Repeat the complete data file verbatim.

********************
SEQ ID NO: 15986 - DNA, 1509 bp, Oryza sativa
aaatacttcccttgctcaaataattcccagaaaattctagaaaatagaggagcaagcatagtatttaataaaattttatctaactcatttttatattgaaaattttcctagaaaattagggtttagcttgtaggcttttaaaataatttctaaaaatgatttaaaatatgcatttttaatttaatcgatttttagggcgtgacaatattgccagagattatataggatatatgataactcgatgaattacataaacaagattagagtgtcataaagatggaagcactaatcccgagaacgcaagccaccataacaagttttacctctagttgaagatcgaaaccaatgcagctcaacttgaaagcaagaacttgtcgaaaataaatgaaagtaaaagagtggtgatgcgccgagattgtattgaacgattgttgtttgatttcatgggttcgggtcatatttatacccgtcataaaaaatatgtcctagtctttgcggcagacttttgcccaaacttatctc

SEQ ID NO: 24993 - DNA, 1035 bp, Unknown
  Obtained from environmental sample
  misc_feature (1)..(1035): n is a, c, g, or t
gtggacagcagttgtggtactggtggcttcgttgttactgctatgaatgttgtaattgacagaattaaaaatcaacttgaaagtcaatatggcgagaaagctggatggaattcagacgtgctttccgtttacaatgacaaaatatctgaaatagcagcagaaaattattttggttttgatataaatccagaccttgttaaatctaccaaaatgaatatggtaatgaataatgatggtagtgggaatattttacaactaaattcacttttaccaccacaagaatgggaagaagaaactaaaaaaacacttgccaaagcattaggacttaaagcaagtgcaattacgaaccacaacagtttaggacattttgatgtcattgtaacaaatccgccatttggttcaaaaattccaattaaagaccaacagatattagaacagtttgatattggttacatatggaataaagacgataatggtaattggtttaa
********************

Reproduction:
SEQ ID NO: 15986 - DNA, 1509 bp, Oryza sativa
aaatacttcccttgctcaaataattcccagaaaattctagaaaatagaggagcaagcatagtatttaataaaattttatctaactcatttttatattgaaaattttcctagaaaattagggtttagcttgtaggcttttaaaataatttctaaaaatgatttaaaatatgcatttttaatttaatcgatttttagggcgtgacaatattgccagagattatataggatatatgataactcgatgaattacataaacaagattagagtgtcataaagatggaagcactaatcccgagaacgcaagccaccataacaagttttacctctagttgaagatcgaaaccaatgcagctcaacttgaaagcaagaacttgtcgaaaataaatgaaagtaaaagagtggtgatgcgccgagattgtattgaacgattgttgtttgatttcatgggttcgggtcatatttatacccgtcataaaaaatatgtcctagtctttgcggcagacttttgcccaaacttatctc

SEQ ID NO: 24993 - DNA, 1035 bp, Unknown
  Obtained from environmental sample
  misc_feature (1)..(1035): n is a, c, g, or t
gtggacagcagttgtggtactggtggcttcgttgttactgctatgaatgttgtaattgacagaattaaaaatcaacttgaaagtcaatatggcgagaaagctggatggaattcagacgtgctttccgtttacaatgacaaaatatctgaaatagcagcagaaaattattttggttttgatataaatccagaccttgttaaatctaccaaaatgaatatggtaatgaataatgatggtagtgggaatattttacaactaaattcacttttaccaccacaagaatgggaagaagaaactaaaaaaacacttgccaaagcattaggacttaaagcaagtgcaattacgaaccacaacagtttaggacattttgatgtcattgtaacaaatccgccatttggttcaaaaattccaattaaagaccaacagatattagaacagtttgatattggttacatatggaataaagacgataatggtaattggtttaa